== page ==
New beginning comes with data management challenges
Keiser says he found the right mix at Zendesk, whose IT profile stands in stark contrast to the one he overhauled at Gap: It born on the cloud, the preferred platform of the digital age. With technology becoming so ingrained in the fabric of businesses, Keiser says it's crucial for a CIO to hit it off with the CEO. He did so with Svane. "I really connected well with Mikkel and his vision on how to leverage technology and where he wanted to take this company."
Since going public in 2014, Zendesk in recent months has added advanced voice support to route customers to the right service agent, integration with Facebook Messenger to assist customers, and machine learning and predictive analytics to measure customer satisfaction. Such capabilities support ecommerce operations, which Keiser considers his bailiwick.
But as Zendesk embarks on the next stage in its global growth and plans to move forward with new products, Keiser must also scrutinize its underlying technologies, which include a mix of cloud services from the likes of Amazon Web Services and Rackspace. He'll also educate fellow CIOs about Zendesk's product. Keiser says he will assess whether the processes and systems that "worked well for small and medium-sized growth" will keep scaling.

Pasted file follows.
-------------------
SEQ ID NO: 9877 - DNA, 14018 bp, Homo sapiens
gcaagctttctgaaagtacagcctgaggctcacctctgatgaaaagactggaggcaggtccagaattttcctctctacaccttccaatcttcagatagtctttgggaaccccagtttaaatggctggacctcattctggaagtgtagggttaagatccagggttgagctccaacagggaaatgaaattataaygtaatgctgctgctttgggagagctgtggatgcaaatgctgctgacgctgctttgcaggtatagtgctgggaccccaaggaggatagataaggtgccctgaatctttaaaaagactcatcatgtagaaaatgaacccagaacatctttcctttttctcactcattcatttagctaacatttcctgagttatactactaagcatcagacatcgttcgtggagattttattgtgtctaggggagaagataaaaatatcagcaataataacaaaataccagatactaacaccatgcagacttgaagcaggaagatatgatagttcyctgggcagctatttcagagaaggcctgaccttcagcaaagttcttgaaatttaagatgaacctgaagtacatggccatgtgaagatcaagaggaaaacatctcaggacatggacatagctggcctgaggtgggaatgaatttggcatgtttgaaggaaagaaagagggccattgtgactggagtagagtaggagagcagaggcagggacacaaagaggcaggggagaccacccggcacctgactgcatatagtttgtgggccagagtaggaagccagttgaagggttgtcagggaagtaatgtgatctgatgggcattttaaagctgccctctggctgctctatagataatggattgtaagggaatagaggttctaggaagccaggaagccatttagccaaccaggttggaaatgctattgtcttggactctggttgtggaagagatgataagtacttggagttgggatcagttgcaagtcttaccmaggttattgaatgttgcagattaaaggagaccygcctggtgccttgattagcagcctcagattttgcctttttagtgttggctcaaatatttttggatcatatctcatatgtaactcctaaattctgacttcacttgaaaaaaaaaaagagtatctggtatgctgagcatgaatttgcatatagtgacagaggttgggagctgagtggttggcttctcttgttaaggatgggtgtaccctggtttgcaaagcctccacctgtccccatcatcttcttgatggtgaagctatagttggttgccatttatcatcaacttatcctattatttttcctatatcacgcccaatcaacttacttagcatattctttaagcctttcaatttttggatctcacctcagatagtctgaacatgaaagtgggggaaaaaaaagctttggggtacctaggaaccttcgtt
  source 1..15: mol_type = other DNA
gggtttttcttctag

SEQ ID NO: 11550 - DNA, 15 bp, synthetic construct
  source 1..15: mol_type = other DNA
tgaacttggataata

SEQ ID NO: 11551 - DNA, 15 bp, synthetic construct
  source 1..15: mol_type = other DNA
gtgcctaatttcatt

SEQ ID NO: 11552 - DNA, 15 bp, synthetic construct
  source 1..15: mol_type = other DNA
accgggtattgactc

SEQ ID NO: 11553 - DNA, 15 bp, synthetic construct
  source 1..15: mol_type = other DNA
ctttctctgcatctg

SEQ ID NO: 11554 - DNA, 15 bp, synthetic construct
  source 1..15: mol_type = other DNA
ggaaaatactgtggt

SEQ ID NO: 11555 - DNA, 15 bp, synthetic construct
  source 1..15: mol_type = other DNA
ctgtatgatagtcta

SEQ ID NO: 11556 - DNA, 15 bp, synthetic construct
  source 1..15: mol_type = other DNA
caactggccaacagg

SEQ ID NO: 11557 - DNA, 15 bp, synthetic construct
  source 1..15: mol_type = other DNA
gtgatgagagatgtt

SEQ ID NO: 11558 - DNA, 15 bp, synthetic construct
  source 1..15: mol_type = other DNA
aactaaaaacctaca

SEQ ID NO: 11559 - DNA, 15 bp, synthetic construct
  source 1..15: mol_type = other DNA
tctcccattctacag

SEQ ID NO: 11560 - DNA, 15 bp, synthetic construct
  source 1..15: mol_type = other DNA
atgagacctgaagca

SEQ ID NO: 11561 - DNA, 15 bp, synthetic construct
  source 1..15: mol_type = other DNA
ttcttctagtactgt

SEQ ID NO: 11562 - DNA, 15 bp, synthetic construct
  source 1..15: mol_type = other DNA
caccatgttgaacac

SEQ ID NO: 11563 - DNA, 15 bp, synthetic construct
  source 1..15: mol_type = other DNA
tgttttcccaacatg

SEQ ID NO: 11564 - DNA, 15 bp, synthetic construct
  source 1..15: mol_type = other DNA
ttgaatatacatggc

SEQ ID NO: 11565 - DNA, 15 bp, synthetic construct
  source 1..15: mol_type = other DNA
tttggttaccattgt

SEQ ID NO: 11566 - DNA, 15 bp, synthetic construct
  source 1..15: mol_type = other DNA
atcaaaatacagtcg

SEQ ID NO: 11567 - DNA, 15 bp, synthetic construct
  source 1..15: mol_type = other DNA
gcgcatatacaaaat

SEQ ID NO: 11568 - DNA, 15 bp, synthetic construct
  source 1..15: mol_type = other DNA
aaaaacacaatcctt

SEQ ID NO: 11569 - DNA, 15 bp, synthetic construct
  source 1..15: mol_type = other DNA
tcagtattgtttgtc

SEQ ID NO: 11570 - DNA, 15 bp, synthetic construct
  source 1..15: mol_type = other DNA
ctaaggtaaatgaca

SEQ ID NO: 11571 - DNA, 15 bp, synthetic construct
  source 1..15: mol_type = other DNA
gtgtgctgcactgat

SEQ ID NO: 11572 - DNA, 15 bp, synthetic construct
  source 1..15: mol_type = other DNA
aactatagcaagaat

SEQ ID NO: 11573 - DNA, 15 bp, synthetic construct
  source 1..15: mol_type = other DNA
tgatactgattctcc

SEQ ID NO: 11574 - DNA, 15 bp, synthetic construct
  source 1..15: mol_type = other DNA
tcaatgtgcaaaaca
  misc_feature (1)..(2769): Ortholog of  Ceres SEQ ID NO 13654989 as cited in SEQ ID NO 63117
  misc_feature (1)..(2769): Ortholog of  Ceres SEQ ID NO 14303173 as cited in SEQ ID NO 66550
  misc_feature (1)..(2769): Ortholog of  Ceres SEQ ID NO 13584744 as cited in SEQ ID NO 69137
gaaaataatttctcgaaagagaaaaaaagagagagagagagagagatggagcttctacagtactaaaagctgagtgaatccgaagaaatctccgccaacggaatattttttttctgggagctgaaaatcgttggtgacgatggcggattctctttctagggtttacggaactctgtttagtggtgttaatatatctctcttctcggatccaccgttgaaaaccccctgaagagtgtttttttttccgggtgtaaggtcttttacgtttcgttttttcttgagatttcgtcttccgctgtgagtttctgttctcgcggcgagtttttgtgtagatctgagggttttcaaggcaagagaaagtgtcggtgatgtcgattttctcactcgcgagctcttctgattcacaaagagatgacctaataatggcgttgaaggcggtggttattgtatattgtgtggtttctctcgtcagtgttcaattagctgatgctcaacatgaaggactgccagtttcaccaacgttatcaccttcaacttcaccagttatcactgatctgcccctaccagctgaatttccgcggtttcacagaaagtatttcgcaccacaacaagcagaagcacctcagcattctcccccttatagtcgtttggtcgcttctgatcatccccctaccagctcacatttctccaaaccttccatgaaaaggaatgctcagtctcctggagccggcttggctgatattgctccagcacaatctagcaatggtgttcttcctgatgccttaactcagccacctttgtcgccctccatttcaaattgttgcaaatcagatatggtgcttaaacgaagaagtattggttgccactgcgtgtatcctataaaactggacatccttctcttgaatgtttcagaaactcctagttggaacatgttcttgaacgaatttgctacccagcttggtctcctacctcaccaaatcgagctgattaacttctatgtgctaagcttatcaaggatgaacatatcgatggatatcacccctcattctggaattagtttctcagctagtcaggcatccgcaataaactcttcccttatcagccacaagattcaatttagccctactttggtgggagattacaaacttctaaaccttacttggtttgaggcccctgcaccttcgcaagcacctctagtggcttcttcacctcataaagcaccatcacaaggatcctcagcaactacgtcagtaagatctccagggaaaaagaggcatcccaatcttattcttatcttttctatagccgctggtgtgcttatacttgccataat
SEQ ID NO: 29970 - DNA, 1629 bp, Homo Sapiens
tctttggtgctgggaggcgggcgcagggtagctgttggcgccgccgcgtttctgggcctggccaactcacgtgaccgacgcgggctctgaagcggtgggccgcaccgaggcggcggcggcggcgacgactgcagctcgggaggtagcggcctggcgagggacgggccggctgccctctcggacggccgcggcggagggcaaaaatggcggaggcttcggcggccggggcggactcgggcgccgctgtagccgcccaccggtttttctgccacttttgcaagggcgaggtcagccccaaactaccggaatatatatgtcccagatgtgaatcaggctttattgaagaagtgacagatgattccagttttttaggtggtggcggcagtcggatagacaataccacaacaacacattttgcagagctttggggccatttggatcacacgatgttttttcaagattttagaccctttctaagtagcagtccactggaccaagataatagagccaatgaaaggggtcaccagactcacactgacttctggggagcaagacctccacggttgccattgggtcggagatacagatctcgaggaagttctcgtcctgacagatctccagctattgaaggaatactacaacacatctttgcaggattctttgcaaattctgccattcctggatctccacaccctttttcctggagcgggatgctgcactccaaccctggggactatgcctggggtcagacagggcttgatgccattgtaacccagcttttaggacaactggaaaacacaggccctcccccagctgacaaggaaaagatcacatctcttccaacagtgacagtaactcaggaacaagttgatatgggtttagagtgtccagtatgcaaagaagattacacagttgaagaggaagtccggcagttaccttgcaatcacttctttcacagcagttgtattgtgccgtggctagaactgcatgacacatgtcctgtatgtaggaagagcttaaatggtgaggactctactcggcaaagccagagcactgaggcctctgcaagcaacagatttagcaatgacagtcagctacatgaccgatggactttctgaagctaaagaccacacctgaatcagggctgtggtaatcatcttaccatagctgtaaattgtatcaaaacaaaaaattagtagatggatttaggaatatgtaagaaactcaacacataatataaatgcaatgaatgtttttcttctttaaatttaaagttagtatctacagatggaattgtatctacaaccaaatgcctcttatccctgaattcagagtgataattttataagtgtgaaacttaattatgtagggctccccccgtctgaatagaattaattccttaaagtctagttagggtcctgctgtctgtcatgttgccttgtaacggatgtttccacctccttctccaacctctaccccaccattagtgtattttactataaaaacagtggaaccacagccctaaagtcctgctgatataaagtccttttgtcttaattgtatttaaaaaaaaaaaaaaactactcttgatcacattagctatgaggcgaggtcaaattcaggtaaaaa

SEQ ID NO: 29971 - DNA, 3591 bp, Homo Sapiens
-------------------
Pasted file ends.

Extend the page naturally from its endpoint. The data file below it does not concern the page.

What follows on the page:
Keiser says his 100-day plan for the company includes developing a strategy for how to better derive insights from the company's data. As product mix and customer mix grow, he says, companies must make sure they're appropriately governing data to better guide the business.
Ultimately, Keiser says he made the right choice in joining a more nimble company unfettered by legacy systems. "I'm looking forward to being able to make decisions and go as opposed to make decisions and go through approvals," he says.
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